Recently, several Dr. Seuss books were pulled by the publisher because of the books' offensive imagery and dialog. Some movie studios have also announced that they will review films long-considered as 'classics' for insensitive cultural depictions and problematic representations of race and gender. For many years, these matters affected my life so deeply that I wrote my doctoral dissertation on the subject. So, I applaud the publishers and studios for their proactive steps to ensure inclusiveness in the works they produce.
These issues also exist in more recent works than the 'classics.' During my time in information technology – fresh out of undergrad in the '80s, I came across a manual that used the nomenclature ‘master-slave’ to refer to the way the computer distributed its workload. Such jargon was standard across IT manuals then and still exists in many of them today.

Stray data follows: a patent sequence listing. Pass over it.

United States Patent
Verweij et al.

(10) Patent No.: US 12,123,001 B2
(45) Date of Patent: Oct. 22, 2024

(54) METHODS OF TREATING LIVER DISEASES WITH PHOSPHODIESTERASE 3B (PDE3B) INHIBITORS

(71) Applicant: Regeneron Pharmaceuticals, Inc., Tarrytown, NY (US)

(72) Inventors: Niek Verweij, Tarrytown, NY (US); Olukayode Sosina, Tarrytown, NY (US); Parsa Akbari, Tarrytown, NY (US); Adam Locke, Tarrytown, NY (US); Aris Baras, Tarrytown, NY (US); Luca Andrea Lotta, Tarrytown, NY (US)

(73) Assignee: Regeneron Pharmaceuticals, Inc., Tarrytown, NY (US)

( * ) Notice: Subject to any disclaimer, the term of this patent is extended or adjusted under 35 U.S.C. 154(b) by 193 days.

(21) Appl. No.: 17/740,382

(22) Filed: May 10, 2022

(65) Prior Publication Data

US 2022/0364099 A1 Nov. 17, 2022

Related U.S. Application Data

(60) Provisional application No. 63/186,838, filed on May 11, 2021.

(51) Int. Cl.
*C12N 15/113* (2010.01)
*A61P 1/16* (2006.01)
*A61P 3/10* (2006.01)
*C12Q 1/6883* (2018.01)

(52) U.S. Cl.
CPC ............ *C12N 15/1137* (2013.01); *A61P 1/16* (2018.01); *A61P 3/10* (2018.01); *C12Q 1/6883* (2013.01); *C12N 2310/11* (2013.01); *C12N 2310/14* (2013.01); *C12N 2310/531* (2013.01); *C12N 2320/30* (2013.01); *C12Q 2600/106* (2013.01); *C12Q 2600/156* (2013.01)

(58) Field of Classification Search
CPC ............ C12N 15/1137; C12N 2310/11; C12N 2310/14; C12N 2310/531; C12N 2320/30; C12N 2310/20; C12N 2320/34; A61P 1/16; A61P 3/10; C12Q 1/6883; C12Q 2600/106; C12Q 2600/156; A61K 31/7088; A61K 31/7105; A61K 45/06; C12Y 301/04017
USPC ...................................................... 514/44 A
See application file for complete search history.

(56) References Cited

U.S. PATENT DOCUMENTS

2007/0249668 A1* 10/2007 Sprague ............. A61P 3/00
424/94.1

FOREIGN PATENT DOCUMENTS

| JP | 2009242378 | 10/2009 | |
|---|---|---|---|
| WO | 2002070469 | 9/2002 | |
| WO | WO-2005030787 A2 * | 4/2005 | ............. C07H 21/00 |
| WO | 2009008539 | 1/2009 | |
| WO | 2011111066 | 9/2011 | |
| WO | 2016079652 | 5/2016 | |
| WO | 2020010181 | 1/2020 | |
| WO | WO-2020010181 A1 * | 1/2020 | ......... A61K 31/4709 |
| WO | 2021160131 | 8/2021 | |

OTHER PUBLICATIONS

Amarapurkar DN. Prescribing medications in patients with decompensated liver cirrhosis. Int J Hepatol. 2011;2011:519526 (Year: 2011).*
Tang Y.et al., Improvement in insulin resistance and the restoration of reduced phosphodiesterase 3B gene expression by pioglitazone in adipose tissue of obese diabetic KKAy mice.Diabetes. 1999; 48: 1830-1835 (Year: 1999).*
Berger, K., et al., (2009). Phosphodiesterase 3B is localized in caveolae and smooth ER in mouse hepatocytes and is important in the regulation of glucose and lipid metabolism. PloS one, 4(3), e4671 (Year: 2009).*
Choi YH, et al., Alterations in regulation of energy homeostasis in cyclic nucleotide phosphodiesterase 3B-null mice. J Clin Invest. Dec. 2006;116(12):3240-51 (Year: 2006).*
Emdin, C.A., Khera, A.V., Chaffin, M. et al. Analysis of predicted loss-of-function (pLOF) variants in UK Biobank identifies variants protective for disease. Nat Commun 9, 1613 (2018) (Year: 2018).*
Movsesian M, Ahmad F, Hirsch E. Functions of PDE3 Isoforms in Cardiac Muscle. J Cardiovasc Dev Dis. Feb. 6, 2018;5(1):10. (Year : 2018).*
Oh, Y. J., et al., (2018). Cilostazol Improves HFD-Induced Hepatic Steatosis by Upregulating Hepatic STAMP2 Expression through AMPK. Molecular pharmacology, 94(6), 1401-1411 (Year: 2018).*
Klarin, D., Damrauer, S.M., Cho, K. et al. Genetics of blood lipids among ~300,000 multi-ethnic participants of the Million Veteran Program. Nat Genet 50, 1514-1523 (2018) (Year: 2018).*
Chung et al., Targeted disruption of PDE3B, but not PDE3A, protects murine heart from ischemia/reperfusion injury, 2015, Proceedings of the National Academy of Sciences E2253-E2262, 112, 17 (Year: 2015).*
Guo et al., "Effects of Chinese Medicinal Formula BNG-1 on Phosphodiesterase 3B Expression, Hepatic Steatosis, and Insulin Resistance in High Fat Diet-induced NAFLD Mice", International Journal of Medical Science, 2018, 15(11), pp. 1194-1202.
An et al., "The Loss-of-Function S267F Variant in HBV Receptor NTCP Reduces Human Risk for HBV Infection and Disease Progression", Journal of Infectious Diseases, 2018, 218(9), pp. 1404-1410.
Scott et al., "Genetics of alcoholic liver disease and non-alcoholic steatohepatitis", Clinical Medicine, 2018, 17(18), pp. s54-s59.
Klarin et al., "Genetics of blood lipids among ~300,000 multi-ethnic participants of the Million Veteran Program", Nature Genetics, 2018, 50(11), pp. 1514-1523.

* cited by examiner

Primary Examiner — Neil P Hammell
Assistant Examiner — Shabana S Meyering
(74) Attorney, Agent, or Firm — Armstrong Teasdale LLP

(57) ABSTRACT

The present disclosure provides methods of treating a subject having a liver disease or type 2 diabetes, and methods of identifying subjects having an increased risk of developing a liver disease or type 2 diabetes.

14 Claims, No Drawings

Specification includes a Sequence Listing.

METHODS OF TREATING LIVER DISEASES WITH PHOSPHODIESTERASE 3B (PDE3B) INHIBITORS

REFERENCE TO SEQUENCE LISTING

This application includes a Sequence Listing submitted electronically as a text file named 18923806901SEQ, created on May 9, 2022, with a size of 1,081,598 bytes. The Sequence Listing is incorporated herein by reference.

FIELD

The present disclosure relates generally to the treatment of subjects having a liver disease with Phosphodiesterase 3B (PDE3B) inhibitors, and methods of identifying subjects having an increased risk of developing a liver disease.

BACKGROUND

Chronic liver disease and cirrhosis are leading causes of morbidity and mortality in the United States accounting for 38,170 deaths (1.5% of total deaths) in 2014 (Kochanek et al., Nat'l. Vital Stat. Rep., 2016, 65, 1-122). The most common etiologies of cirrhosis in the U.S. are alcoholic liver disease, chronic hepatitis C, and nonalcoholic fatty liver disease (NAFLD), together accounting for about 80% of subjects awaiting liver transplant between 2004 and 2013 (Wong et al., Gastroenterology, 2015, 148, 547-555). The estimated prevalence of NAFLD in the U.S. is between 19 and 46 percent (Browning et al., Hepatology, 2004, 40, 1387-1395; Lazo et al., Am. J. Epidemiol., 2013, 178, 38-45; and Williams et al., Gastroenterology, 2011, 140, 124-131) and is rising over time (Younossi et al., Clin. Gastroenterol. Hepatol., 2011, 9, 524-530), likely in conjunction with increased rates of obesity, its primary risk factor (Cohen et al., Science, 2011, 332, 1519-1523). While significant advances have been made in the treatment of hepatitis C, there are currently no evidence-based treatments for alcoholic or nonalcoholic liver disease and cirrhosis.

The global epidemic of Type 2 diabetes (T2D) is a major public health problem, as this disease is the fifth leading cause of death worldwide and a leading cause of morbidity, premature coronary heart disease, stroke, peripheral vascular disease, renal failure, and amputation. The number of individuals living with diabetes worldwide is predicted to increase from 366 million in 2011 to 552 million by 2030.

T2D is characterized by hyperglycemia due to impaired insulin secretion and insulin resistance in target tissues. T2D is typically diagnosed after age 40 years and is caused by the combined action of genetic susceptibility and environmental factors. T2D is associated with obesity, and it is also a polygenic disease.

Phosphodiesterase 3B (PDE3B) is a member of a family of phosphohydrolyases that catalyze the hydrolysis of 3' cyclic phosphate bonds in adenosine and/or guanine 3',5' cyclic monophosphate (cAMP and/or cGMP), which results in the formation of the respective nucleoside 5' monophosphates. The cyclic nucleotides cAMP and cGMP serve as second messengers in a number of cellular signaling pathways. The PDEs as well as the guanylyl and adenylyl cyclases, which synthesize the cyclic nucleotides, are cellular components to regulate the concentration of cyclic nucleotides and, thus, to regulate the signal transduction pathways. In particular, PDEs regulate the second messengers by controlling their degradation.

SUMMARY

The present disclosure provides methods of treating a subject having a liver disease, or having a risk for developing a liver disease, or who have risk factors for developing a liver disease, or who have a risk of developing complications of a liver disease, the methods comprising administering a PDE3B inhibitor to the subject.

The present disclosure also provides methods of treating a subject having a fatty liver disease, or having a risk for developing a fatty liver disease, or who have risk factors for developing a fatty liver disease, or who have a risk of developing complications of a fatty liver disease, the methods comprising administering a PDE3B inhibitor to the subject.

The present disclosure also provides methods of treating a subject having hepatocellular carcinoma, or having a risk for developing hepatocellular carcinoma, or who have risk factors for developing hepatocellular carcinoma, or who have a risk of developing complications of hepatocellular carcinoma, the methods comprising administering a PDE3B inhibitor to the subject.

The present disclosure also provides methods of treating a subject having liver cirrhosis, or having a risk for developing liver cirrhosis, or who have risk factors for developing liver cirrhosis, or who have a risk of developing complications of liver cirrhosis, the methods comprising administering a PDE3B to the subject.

Also today, textbooks of all types frequently cast women as examples of clerks and nurses when there are plenty of men who do similar work now. And many texts and articles refer to poor people as ‘the poor.’ While the references reflect legacies of past norms, their continued use perpetuates stereotypes and promotes objectification of Blacks, women, and poor people.
Given this, textbooks, much like documents, images, and film representations teach us something, albeit subtly at times, about our relative value and status. Since this plays out in schools and offices and potentially affect a company's brand and bottom line, we recommend you review your films and update your scripts, textbooks, and manuals to reflect today’s norms. These steps will mitigate the risk of offending and alienating viewers and readers of the works you produce.
Email us today at email@example.com to begin a sensitivity review of your films, scripts, textbooks, and manuals.